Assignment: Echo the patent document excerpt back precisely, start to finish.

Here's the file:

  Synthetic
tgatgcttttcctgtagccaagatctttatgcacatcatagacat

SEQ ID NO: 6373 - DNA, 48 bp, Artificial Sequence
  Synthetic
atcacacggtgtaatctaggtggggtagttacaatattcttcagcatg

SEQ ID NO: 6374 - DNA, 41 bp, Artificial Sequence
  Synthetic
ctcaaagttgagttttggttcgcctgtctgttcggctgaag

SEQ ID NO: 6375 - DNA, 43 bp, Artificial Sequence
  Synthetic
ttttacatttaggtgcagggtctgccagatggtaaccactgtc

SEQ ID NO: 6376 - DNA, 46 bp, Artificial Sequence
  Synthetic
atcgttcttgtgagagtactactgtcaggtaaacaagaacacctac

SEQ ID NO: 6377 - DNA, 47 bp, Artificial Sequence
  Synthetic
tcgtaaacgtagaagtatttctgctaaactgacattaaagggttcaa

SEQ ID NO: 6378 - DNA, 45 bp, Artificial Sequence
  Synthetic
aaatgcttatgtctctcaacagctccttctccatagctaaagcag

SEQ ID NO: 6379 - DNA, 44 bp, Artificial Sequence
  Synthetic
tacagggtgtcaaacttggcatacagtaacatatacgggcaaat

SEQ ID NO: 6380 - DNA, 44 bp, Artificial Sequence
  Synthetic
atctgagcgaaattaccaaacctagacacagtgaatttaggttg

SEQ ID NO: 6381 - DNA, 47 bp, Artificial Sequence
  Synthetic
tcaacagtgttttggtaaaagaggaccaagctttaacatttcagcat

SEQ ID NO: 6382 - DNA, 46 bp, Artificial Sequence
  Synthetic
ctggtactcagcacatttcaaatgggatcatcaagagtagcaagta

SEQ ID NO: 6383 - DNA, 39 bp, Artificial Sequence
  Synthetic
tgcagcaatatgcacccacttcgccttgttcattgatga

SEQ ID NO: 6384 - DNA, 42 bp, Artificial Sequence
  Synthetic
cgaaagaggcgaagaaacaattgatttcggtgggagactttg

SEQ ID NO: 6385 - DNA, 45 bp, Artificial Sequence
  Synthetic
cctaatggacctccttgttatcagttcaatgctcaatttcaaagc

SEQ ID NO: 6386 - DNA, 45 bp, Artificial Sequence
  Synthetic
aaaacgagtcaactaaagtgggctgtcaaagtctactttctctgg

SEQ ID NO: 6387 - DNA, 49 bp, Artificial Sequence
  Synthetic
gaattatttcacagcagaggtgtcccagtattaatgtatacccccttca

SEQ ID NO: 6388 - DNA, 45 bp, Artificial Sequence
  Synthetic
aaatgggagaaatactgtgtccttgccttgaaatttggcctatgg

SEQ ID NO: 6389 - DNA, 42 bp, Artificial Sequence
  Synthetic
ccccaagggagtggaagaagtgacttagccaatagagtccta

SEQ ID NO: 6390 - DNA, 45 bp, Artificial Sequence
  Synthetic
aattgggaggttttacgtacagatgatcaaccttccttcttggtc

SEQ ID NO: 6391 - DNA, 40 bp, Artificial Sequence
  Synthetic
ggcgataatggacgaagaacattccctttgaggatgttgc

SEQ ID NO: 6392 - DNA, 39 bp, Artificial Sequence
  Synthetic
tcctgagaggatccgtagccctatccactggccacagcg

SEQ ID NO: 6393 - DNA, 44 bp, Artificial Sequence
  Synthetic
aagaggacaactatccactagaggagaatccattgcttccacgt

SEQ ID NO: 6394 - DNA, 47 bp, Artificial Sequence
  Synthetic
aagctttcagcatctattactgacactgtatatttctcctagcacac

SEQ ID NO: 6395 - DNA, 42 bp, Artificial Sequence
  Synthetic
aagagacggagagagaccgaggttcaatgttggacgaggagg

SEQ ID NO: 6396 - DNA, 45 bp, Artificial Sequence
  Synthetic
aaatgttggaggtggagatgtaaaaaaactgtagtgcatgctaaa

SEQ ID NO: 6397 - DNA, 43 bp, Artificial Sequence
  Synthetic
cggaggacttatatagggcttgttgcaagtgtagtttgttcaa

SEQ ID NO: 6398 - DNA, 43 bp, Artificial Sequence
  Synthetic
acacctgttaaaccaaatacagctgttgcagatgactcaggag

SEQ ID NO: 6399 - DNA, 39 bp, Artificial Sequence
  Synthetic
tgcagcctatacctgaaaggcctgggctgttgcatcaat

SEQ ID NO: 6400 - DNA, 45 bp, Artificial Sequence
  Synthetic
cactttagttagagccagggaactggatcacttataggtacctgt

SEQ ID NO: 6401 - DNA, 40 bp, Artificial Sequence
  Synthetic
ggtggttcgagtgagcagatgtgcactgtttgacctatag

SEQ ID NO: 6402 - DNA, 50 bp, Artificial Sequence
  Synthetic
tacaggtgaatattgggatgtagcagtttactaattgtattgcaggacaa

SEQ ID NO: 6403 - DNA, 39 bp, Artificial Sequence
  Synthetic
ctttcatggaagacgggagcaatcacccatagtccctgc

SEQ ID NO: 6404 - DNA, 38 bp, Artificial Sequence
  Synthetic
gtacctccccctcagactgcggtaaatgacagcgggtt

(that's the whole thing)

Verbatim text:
  Synthetic
tgatgcttttcctgtagccaagatctttatgcacatcatagacat

SEQ ID NO: 6373 - DNA, 48 bp, Artificial Sequence
  Synthetic
atcacacggtgtaatctaggtggggtagttacaatattcttcagcatg

SEQ ID NO: 6374 - DNA, 41 bp, Artificial Sequence
  Synthetic
ctcaaagttgagttttggttcgcctgtctgttcggctgaag

SEQ ID NO: 6375 - DNA, 43 bp, Artificial Sequence
  Synthetic
ttttacatttaggtgcagggtctgccagatggtaaccactgtc

SEQ ID NO: 6376 - DNA, 46 bp, Artificial Sequence
  Synthetic
atcgttcttgtgagagtactactgtcaggtaaacaagaacacctac

SEQ ID NO: 6377 - DNA, 47 bp, Artificial Sequence
  Synthetic
tcgtaaacgtagaagtatttctgctaaactgacattaaagggttcaa

SEQ ID NO: 6378 - DNA, 45 bp, Artificial Sequence
  Synthetic
aaatgcttatgtctctcaacagctccttctccatagctaaagcag

SEQ ID NO: 6379 - DNA, 44 bp, Artificial Sequence
  Synthetic
tacagggtgtcaaacttggcatacagtaacatatacgggcaaat

SEQ ID NO: 6380 - DNA, 44 bp, Artificial Sequence
  Synthetic
atctgagcgaaattaccaaacctagacacagtgaatttaggttg

SEQ ID NO: 6381 - DNA, 47 bp, Artificial Sequence
  Synthetic
tcaacagtgttttggtaaaagaggaccaagctttaacatttcagcat

SEQ ID NO: 6382 - DNA, 46 bp, Artificial Sequence
  Synthetic
ctggtactcagcacatttcaaatgggatcatcaagagtagcaagta

SEQ ID NO: 6383 - DNA, 39 bp, Artificial Sequence
  Synthetic
tgcagcaatatgcacccacttcgccttgttcattgatga

SEQ ID NO: 6384 - DNA, 42 bp, Artificial Sequence
  Synthetic
cgaaagaggcgaagaaacaattgatttcggtgggagactttg

SEQ ID NO: 6385 - DNA, 45 bp, Artificial Sequence
  Synthetic
cctaatggacctccttgttatcagttcaatgctcaatttcaaagc

SEQ ID NO: 6386 - DNA, 45 bp, Artificial Sequence
  Synthetic
aaaacgagtcaactaaagtgggctgtcaaagtctactttctctgg

SEQ ID NO: 6387 - DNA, 49 bp, Artificial Sequence
  Synthetic
gaattatttcacagcagaggtgtcccagtattaatgtatacccccttca

SEQ ID NO: 6388 - DNA, 45 bp, Artificial Sequence
  Synthetic
aaatgggagaaatactgtgtccttgccttgaaatttggcctatgg

SEQ ID NO: 6389 - DNA, 42 bp, Artificial Sequence
  Synthetic
ccccaagggagtggaagaagtgacttagccaatagagtccta

SEQ ID NO: 6390 - DNA, 45 bp, Artificial Sequence
  Synthetic
aattgggaggttttacgtacagatgatcaaccttccttcttggtc

SEQ ID NO: 6391 - DNA, 40 bp, Artificial Sequence
  Synthetic
ggcgataatggacgaagaacattccctttgaggatgttgc

SEQ ID NO: 6392 - DNA, 39 bp, Artificial Sequence
  Synthetic
tcctgagaggatccgtagccctatccactggccacagcg

SEQ ID NO: 6393 - DNA, 44 bp, Artificial Sequence
  Synthetic
aagaggacaactatccactagaggagaatccattgcttccacgt

SEQ ID NO: 6394 - DNA, 47 bp, Artificial Sequence
  Synthetic
aagctttcagcatctattactgacactgtatatttctcctagcacac

SEQ ID NO: 6395 - DNA, 42 bp, Artificial Sequence
  Synthetic
aagagacggagagagaccgaggttcaatgttggacgaggagg

SEQ ID NO: 6396 - DNA, 45 bp, Artificial Sequence
  Synthetic
aaatgttggaggtggagatgtaaaaaaactgtagtgcatgctaaa

SEQ ID NO: 6397 - DNA, 43 bp, Artificial Sequence
  Synthetic
cggaggacttatatagggcttgttgcaagtgtagtttgttcaa

SEQ ID NO: 6398 - DNA, 43 bp, Artificial Sequence
  Synthetic
acacctgttaaaccaaatacagctgttgcagatgactcaggag

SEQ ID NO: 6399 - DNA, 39 bp, Artificial Sequence
  Synthetic
tgcagcctatacctgaaaggcctgggctgttgcatcaat

SEQ ID NO: 6400 - DNA, 45 bp, Artificial Sequence
  Synthetic
cactttagttagagccagggaactggatcacttataggtacctgt

SEQ ID NO: 6401 - DNA, 40 bp, Artificial Sequence
  Synthetic
ggtggttcgagtgagcagatgtgcactgtttgacctatag

SEQ ID NO: 6402 - DNA, 50 bp, Artificial Sequence
  Synthetic
tacaggtgaatattgggatgtagcagtttactaattgtattgcaggacaa

SEQ ID NO: 6403 - DNA, 39 bp, Artificial Sequence
  Synthetic
ctttcatggaagacgggagcaatcacccatagtccctgc

SEQ ID NO: 6404 - DNA, 38 bp, Artificial Sequence
  Synthetic
gtacctccccctcagactgcggtaaatgacagcgggtt